The history of women’s oppression dates back to ancient times, as evidenced by the epics and Puranas, which showcase men’s misogynistic treatment of women. Many myths portray women as voiceless and unfairly punished, such as the story of Ahalya, who was cursed by Sage Gautama for committing adultery. This raises questions about whether women received justice or were simply victims of patriarchal dominance. In contemporary retellings, attempts are made to modify gender bias by reconstructing these old tales and giving voice to silenced characters. Sujoy Ghosh’s short film “Ahalya” appropriates the mythical tale by reversing the power dynamic, with Ahalya in a position of control over the fate of men.
In his postmodern retelling, Sujoy Ghosh raises the question of whether the mythological Ahalya was complicit or an oblivious accomplice, allowing for various interpretations. Through his fourteen-minute film, released in 2015, Ghosh constructs a hyperreal world with close-up shots and flawlessly executed scenes that challenge the traditional tale of a woman being silenced by the curse of Hindu patriarchy.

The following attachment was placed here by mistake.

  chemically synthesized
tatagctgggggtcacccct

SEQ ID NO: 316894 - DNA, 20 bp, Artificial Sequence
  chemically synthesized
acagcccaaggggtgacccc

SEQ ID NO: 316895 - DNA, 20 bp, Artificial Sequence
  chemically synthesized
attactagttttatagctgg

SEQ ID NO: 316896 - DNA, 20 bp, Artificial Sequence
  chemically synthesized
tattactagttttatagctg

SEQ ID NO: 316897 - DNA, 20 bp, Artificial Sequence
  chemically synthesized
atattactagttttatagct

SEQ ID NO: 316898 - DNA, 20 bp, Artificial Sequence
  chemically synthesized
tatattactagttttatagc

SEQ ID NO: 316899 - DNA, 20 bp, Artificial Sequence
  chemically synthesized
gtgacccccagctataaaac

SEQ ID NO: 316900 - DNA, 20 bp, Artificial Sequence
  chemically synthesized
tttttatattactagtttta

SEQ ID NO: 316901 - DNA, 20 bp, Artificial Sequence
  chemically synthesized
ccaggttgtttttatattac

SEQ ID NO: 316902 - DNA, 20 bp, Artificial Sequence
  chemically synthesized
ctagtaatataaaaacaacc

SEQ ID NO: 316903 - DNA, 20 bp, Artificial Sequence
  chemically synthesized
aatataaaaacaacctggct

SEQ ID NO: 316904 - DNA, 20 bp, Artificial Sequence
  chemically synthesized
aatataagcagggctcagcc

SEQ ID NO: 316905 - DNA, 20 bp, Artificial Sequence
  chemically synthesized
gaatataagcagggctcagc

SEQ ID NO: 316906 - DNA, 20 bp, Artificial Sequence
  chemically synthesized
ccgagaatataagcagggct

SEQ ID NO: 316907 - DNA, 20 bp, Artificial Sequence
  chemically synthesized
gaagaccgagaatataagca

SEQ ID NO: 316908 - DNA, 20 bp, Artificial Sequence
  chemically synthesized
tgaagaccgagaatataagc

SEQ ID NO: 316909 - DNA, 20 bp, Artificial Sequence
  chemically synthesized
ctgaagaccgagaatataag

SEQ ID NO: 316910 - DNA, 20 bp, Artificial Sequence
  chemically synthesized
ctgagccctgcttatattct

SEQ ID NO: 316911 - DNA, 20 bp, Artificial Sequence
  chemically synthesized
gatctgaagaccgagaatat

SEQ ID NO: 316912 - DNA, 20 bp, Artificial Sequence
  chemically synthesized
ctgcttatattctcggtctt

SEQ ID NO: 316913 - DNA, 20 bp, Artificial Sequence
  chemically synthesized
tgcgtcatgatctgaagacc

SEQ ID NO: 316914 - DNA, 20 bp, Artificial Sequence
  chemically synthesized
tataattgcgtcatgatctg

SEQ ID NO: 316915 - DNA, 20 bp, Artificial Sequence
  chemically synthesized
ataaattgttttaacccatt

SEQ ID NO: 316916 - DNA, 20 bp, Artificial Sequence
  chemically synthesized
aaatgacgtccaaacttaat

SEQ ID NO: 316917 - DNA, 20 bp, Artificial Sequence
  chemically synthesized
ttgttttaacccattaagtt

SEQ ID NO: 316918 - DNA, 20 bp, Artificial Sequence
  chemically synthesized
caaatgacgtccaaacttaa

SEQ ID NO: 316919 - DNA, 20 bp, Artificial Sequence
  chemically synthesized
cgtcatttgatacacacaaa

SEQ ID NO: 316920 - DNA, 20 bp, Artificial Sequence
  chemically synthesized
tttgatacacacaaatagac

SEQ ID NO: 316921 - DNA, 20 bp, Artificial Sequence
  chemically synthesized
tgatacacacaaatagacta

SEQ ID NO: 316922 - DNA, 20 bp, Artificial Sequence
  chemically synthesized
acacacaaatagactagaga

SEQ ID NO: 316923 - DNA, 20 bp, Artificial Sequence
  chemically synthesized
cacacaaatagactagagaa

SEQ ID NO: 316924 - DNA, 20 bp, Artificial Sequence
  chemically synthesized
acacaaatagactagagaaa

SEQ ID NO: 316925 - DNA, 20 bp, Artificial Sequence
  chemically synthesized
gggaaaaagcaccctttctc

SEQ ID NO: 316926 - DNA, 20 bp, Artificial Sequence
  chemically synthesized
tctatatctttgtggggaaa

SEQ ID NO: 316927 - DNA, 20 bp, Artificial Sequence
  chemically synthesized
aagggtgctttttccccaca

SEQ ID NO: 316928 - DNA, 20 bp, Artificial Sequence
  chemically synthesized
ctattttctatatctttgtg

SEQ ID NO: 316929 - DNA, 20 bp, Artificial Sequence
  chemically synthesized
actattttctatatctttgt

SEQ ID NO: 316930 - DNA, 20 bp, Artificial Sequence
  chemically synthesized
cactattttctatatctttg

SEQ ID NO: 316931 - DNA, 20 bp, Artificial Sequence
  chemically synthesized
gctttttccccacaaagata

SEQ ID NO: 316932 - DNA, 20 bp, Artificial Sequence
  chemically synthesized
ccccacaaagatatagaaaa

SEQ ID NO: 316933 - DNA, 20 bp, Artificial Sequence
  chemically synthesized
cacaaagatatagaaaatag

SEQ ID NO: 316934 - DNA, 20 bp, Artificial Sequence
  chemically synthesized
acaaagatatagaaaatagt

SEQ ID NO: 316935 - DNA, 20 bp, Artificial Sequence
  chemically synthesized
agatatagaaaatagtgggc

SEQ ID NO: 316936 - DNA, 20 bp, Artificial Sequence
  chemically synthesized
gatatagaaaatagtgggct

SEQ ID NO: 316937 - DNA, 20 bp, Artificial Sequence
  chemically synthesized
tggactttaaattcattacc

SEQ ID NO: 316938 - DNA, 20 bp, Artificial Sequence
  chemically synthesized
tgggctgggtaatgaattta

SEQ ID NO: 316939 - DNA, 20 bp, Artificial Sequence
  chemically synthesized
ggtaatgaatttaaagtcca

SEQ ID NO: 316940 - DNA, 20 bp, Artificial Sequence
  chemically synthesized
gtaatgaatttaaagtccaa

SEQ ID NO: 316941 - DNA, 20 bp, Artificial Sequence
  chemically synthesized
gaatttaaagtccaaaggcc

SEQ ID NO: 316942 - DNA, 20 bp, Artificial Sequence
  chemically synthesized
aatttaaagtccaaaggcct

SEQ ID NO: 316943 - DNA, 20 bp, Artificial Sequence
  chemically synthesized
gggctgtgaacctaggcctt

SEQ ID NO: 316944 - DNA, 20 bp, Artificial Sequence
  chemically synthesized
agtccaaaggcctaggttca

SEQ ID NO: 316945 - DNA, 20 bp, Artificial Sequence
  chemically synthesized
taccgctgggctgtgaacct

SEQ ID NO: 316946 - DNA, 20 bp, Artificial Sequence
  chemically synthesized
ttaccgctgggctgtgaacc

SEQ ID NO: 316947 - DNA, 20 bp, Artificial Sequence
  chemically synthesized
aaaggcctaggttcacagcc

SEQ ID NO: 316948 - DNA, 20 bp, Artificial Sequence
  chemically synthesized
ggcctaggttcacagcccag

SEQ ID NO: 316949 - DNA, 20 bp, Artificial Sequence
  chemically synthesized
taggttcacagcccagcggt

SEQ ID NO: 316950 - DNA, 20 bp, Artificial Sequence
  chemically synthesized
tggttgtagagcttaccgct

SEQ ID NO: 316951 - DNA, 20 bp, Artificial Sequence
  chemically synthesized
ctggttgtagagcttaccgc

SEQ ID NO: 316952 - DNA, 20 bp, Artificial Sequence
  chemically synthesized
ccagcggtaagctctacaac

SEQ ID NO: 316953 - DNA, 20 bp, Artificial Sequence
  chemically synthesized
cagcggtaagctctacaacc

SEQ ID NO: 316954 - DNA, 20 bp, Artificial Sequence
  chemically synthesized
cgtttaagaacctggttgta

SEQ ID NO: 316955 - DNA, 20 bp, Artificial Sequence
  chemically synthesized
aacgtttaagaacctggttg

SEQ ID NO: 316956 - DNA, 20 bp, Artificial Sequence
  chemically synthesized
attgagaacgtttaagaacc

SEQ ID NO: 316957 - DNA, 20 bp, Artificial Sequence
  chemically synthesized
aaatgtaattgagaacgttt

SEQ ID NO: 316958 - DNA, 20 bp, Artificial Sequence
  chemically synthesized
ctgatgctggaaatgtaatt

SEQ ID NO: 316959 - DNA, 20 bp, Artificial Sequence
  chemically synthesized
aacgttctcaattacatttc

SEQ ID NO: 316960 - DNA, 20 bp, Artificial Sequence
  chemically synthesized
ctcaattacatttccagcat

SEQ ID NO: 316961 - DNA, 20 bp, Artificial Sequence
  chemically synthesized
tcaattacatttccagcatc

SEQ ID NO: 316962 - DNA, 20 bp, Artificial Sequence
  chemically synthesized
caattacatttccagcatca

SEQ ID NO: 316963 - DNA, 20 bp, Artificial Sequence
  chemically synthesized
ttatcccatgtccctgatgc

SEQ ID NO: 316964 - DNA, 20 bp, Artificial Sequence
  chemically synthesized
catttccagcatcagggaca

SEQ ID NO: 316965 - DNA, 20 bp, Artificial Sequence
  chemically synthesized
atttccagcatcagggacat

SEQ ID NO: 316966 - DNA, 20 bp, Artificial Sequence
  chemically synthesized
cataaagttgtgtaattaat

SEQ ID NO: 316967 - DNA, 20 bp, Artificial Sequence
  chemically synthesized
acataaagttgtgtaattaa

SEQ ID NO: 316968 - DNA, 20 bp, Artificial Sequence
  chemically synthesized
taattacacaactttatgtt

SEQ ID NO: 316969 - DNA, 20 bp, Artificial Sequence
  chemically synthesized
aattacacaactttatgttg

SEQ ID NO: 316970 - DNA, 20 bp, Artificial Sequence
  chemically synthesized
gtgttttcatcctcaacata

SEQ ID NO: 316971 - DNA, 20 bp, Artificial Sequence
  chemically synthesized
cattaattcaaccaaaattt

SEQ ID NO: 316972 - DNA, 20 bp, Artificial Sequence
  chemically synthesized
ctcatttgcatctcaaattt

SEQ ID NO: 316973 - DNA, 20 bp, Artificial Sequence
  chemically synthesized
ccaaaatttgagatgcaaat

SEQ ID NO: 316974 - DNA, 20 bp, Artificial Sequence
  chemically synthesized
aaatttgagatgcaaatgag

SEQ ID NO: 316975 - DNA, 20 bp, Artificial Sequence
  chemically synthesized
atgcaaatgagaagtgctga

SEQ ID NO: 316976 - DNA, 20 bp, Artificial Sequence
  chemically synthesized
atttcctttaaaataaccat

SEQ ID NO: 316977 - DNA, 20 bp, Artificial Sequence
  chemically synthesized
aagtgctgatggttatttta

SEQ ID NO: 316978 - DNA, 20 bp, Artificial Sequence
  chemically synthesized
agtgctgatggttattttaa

The filmmaker challenges the stereotypical presentation of women and attempts to alter the prevailing image of Ahalya by demolishing gender constructs. He addresses the absence of Ahalya’s voice in the original narrative and constructs a screenplay that empowers Ahalya with a position of authority, giving her absolute control over the men. This reimagining of the story represents a departure from the traditional patriarchal framework and aims to provide a new, more empowering portrayal of Ahalya.
Patriarchy is an institution that not only subjugates women but also traps men with the burden of assigned power and prowess, failure to maintain which could stain their masculine identity. The Brahmanical patriarchy bestows upper-class men such as sages and saints with the power to curse or punish women, which became the benchmark of their existence and identity. In the Puranas, Sage Gautama unjustly inflicted the curse on Ahalya, thereby a contemporary story seeking revenge and justice must subvert Gautama’s actions. In Sujoy Ghosh’s short film, Gautama himself conspires with his wife to trick Indra Sen and turn him into a lifeless entity like Ahalya in the Puranas. This change in Gautama’s character serves as a foil to patriarchal oppression and atones for the inhumane curse. As a result, Ghosh’s ‘Ahalya’ becomes a story of redemption for feminine authority, overthrowing patriarchal hangovers for both men and women. Gautama, a man of traditional Brahmanical origin, becomes a modern man who contributes to the feminist upsurge by assisting in serving justice to the female.
The purpose of a retelling is to offer a fresh perspective on an old story, and the short film ‘Ahalya’ explores the possibility that the widely known incident may have occurred in a different way. The film suggests that what has been accepted as the truth for ages may not necessarily be the ultimate truth, or can be altered, if given a voice!